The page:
The Washington Post has a long article detailing how the FBI held onto their original suspect in the case of letters laced with ricin sent to various political figures long after they knew that he was innocent and had obtained evidence pointing to James Everett Dutschke, who now has been jailed for the crime. The article did a very good job of drawing the parallel of the FBI’s arrest and mistreatment of Elvis impersonator Paul Kevin Curtis in this case with the Amerithrax investigation that falsely targeted Steven Hatfill after the anthrax attacks of 2001:
After keeping Elvis impersonator Paul Kevin Curtis in jail for a week, interrogating him while he was chained to a chair and turning his house upside down, federal authorities had no confession or physical evidence tying him to the ricin-laced letters sent to President Obama and other public officials.
“They wanted to keep Mr. Curtis in custody while they built a case,” said Hal Neilson, a former FBI agent who is Curtis’s attorney. “They knew early on he wasn’t the right guy, but they fought to hold on to him anyway.”
Criminal justice experts say the arrest of Curtis without any physical evidence to tie him to the crime harks back to the investigation of bioweapons expert Steven J. Hatfill, who was falsely accused of the 2001 anthrax-letter attacks that killed five people. Like Curtis, Hatfill had an unpublished novel that seemed to tie him to the crime.
With Curtis, however, experts said the FBI’s leap was larger.
“Hatfill had technical qualifications and a background that also led the FBI to zero in on him, but this guy is an Elvis impersonator with an apparent history of mental instability and a Facebook page with some distinctive and curious language on it,” said Amy E. Smithson, a senior fellow with the James Martin Center for Nonproliferation Studies who studies biological weapons.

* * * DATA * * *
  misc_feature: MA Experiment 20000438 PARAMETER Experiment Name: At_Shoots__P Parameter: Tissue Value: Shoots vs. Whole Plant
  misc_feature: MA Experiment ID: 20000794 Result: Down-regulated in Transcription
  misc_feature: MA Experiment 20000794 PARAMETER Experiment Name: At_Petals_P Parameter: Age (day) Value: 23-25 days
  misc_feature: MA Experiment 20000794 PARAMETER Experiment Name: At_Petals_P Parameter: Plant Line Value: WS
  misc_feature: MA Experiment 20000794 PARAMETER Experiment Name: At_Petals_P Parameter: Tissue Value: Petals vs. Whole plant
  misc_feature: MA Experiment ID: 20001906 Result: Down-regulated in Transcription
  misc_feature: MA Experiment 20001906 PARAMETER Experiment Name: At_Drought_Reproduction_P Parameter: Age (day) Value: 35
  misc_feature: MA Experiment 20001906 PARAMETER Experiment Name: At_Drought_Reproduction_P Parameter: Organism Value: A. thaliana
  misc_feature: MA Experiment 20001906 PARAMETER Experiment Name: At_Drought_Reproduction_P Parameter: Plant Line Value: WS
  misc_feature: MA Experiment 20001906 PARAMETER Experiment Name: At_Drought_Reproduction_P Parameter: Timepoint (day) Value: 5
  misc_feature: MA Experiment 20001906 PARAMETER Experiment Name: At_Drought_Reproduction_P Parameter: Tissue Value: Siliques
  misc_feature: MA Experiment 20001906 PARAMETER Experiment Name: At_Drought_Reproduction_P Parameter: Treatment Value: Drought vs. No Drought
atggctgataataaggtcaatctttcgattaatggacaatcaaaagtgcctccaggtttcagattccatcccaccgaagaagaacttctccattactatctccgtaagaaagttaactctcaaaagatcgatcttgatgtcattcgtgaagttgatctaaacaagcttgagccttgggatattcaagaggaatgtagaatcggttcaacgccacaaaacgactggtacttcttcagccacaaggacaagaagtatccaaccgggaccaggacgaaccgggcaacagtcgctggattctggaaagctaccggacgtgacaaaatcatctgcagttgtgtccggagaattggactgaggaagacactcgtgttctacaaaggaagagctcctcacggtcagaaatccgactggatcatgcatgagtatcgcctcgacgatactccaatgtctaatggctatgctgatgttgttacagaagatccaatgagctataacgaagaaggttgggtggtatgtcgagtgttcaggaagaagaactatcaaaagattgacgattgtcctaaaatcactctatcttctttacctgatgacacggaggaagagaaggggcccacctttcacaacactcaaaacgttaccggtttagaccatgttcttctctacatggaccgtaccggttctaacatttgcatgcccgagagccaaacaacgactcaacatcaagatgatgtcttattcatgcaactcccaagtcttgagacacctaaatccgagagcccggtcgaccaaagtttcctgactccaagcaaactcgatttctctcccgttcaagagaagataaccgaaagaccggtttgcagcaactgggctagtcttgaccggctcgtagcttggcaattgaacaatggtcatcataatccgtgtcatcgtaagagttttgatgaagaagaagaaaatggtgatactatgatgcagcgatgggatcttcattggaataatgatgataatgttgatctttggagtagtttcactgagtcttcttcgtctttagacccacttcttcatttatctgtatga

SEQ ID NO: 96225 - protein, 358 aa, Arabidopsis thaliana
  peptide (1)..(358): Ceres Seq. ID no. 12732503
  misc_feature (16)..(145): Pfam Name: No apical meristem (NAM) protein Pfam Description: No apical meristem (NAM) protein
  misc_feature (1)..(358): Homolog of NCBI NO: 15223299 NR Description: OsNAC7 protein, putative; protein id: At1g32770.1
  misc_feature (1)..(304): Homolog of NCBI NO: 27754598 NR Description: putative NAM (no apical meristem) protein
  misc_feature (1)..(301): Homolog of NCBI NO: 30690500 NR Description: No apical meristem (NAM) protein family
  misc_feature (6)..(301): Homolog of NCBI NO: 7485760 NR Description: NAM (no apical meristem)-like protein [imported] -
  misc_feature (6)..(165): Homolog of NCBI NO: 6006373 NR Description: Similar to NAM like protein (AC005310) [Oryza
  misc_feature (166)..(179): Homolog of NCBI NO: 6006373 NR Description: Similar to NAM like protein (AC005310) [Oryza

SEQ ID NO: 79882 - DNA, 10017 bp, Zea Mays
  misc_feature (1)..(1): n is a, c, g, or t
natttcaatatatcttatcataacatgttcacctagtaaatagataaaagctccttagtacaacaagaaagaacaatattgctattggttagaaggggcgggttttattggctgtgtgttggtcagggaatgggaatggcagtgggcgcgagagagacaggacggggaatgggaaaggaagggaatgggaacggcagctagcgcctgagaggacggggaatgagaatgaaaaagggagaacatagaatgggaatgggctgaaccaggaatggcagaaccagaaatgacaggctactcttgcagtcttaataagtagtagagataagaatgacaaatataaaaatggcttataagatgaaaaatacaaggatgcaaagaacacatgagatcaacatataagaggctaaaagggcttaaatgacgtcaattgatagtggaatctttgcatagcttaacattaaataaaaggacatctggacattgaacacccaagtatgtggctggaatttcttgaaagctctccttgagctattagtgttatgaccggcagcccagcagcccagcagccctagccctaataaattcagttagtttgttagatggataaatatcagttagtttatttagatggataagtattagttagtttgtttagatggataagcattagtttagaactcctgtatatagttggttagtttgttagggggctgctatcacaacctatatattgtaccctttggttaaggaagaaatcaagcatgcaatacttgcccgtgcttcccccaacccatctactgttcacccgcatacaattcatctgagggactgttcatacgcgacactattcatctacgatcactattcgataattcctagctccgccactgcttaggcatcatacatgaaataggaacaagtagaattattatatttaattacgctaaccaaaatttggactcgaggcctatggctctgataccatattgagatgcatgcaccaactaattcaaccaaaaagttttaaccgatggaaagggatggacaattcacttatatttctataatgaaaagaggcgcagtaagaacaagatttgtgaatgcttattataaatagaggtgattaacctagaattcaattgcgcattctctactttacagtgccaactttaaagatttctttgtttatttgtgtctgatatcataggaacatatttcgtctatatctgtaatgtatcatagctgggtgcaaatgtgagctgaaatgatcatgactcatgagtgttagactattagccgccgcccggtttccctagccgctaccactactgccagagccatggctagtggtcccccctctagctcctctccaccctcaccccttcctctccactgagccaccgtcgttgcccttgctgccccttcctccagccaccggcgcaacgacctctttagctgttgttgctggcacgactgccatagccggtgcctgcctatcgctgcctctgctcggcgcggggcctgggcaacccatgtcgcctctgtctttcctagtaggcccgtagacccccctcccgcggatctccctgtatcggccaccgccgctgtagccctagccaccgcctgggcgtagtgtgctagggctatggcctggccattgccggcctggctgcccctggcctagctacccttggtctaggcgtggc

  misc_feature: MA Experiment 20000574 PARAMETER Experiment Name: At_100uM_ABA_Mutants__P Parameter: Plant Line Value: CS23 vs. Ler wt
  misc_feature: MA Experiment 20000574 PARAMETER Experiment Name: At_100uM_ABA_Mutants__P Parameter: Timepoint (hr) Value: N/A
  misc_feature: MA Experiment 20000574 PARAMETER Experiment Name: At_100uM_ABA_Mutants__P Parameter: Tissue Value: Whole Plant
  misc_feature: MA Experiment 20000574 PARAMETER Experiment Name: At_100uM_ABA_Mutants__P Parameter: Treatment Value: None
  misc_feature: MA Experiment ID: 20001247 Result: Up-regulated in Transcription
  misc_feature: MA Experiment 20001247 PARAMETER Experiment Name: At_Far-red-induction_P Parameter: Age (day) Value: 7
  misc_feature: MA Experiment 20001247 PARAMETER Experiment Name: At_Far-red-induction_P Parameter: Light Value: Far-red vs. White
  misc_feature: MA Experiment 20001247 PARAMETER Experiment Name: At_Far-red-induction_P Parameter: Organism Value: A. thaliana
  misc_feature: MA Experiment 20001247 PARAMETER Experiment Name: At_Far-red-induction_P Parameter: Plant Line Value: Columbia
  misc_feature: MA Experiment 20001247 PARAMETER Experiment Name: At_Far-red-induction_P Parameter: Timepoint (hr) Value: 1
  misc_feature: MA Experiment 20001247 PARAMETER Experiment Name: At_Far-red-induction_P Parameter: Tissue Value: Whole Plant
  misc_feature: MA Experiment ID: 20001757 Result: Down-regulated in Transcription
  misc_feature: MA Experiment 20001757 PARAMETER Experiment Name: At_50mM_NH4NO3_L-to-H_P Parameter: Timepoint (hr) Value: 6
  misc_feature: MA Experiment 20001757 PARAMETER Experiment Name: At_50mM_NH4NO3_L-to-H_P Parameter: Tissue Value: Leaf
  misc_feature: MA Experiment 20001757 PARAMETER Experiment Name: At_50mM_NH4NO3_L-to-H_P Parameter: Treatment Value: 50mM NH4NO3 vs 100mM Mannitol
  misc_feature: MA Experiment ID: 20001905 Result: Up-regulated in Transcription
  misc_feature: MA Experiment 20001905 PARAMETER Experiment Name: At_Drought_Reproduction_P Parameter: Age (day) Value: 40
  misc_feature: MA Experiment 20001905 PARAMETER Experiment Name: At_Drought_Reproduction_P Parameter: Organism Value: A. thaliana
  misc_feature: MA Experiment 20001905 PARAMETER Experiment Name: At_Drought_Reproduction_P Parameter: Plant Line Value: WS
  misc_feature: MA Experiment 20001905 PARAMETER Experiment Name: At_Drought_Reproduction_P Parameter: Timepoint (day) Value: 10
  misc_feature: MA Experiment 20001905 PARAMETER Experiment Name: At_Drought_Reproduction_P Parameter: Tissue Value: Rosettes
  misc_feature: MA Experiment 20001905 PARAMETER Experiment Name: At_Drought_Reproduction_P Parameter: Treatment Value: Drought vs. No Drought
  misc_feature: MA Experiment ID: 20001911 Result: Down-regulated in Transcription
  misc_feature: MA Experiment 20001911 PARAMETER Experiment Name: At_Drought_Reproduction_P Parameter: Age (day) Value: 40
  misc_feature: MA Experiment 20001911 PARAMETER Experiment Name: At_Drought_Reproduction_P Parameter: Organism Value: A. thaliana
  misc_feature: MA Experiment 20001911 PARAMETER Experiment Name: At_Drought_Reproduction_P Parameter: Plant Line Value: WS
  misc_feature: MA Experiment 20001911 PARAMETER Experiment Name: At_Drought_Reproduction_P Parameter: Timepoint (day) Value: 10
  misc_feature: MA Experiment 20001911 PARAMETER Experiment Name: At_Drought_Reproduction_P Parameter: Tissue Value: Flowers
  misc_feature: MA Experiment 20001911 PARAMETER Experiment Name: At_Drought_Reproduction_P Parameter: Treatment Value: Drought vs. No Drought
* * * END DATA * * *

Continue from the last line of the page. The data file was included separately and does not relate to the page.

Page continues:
The circumstantial case against Dutschke appears quite strong on its own, given the ongoing feud he was known to have with Curtis. One bit that somewhat supports Dutshcke possibly being capable of acting on his own to produce the ricin found in the letters comes from the widespread knowledge that Dutschke is quite intelligent, although his membership in Mensa was used by Curtis as part of the ongoing feud.
But what is the nature of the evidence that is known at the current time linking Dutschke to the crime? Unlike the Georgia wanna-be ricin terrorists, where the FBI only found the criminals to be in possession of intact castor beans and an unworkable plan, the ricin in this case was actually processed somewhat. From the criminal complaint (pdf): Continue reading
Yesterday, charges against Paul Kevin Curtis that he sent letters testing positive for ricin to Senator Lowell Wicker and the White House were dropped. It is quite encouraging that the FBI would this time choose not to continue harassing Curtis once they realized they had no evidence against him, unlike their behavior in the Amerithrax case where they pursued Steven Hatfill for years (until paying out a $2.8 million dollar settlement) and drove Bruce Ivins to his grave on the basis of evidence that couldn’t withstand scrutiny.
Curtis was true to his quirky and colorful character yesterday after being released, and the New York Times reported how he explained at a subsequent press conference that he had no idea what ricin is: